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What's the most frustrating part of your job and why?

In August, we asked hobby retailers what is the most frustrating part of their job and why. To read more, check out the October 2012 issue of Model Retailer.
Published: September 17, 2012
Robert Mazza, HobbyTown USA, Oshkosh, Wis., said:
Keeping good quality help with the amount of money available to pay them.

Jerry Anderson, Jass Collectibles, Red Deer, Alta, replied:

Dealing with distributors with staff that should be better trained or replaced.

James Pentifallo, Ridgefield Hobby, Ridgefield, N.J., responded:

Telling people delivery dates and the manufacturers not delivering.

Carl Dann, Smoky Mountain Trader, Cleveland, Ga., said:
Paperwork, paperwork, paperwork! I am stuck nearly half of the time in my back office grumbling and complaining with stacks of bills, advertisements and invoices instead of spending time on the sales floor preaching the gospel of fun! I don't know anyone in this business who is not into fun, and yet here we are watching from the sidelines as those brand new items are opened for the first time and the wow factor spreads around the showroom. Unfortunately, the economy has necessitated eliminating a back office position and left me to pull double duty as file clerk instead of full-time, fun-time cheerleader, which is my true calling.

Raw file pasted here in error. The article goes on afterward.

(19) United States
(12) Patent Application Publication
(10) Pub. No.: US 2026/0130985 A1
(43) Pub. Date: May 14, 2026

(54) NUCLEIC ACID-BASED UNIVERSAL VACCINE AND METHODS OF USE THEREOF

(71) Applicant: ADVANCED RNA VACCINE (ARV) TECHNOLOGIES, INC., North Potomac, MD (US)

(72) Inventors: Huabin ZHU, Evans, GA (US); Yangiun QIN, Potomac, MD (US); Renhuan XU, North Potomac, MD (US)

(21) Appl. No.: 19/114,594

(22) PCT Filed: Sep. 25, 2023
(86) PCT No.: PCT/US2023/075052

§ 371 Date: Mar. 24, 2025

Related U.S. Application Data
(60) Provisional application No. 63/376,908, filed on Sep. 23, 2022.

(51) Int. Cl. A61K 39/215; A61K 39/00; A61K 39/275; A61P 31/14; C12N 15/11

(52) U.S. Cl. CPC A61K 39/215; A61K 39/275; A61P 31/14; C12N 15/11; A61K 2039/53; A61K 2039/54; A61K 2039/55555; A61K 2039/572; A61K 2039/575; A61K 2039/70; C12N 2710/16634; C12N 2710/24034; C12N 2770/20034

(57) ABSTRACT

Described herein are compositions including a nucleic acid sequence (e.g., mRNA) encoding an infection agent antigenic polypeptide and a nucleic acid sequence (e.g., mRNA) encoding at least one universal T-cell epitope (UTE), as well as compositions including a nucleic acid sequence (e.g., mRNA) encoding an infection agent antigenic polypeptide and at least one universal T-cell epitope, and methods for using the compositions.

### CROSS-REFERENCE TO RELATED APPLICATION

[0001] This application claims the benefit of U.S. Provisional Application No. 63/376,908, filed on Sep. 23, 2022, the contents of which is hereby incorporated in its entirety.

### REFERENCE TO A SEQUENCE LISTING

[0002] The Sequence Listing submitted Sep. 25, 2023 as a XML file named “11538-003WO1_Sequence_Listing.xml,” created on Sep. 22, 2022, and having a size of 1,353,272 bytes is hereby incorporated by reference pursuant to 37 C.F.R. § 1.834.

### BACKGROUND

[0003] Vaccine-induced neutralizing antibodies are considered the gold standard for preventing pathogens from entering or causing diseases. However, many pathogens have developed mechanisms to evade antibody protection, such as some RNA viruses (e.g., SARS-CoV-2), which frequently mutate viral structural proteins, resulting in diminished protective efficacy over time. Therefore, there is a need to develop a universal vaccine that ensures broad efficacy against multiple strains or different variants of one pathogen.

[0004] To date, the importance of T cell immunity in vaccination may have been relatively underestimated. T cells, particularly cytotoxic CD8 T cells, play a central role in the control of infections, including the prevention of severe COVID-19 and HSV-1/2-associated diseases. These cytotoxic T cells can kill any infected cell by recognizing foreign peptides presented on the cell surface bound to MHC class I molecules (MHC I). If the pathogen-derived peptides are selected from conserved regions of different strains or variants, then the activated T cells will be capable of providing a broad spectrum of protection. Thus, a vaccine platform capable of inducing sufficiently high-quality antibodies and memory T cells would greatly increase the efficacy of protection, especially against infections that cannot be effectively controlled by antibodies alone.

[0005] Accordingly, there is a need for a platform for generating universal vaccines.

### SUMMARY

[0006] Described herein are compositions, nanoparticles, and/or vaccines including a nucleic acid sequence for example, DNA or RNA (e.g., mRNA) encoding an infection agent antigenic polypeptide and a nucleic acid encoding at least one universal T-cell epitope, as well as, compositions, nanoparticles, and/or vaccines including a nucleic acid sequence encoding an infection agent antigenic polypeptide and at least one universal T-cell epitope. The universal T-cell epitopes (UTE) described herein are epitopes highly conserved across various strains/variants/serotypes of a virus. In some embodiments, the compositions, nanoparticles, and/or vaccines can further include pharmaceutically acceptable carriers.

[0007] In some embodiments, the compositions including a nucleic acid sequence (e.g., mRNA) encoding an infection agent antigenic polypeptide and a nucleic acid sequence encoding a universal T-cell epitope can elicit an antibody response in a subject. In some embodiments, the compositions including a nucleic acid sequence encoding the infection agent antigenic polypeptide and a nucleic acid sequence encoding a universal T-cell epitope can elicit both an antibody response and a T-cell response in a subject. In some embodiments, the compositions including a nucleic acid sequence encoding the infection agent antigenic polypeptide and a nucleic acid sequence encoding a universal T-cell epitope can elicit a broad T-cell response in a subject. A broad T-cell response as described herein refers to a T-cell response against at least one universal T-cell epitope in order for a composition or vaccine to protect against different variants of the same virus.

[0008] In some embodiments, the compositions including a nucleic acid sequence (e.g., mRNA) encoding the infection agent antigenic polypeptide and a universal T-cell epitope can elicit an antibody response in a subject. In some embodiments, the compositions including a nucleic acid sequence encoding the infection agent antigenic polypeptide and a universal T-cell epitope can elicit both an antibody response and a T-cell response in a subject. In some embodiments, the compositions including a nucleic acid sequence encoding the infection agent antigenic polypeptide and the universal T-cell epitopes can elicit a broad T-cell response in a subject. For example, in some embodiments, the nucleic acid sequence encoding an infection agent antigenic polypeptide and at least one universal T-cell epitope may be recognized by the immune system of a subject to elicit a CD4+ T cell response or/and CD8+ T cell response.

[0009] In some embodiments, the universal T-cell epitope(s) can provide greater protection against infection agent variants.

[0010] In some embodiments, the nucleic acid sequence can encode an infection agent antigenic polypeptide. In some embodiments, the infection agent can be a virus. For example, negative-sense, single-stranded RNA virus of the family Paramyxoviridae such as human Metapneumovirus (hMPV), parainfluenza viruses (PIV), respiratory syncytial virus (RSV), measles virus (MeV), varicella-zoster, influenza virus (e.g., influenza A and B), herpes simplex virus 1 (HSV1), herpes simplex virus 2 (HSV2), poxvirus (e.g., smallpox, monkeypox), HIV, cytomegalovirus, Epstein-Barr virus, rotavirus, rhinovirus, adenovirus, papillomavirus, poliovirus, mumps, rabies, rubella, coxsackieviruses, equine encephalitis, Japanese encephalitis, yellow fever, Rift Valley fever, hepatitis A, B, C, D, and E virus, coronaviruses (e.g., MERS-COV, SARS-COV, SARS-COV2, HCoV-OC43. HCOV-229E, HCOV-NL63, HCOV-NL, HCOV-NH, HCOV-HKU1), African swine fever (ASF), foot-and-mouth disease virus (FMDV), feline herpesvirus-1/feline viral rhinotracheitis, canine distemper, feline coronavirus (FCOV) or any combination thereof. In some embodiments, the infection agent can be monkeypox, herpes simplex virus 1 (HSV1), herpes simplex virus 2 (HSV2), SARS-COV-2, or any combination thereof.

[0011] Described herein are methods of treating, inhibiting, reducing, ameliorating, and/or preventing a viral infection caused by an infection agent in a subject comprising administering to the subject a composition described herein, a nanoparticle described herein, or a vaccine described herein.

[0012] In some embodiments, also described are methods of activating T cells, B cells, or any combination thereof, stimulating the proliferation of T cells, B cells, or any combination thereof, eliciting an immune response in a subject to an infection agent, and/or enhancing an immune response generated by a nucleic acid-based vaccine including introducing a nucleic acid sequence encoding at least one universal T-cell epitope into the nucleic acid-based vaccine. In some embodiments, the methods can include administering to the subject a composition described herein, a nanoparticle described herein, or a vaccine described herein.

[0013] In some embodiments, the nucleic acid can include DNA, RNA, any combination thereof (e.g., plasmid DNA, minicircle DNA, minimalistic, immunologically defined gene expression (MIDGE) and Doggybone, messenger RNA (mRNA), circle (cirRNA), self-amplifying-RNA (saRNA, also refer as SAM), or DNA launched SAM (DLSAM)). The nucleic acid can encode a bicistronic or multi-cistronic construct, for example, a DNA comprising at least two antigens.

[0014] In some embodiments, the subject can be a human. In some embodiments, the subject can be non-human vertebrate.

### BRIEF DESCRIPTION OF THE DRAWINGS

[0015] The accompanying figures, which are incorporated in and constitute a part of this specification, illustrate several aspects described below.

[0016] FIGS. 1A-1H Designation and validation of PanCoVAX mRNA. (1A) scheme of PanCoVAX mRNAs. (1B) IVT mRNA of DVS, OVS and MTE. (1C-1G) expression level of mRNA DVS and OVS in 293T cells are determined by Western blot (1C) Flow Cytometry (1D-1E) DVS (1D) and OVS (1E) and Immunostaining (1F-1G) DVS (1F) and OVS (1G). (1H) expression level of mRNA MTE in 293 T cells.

Richard Brooks, Recreational Conflict, Owensboro, Ky., said:
Trying to keep with with new items. Income does not keep up the ability to purchase new items. I can't afford a store space large enough to have storage space as well as display space. Retail real estate here has stayed the same since 2008. It has not gone down in price and loads of store space is available, but not affordable.

Scott Millican, Elm City Hobbies, Hanwell, N.B., said:
For me it is balancing restocking existing products and bringing in new products. I don't like being without something, especially when a customer is looking for it. Ordering a new product, but doing so cautiously to gauge the interest and then finding out you have sold most of it, hindsight being 20/20, should have had more of it.

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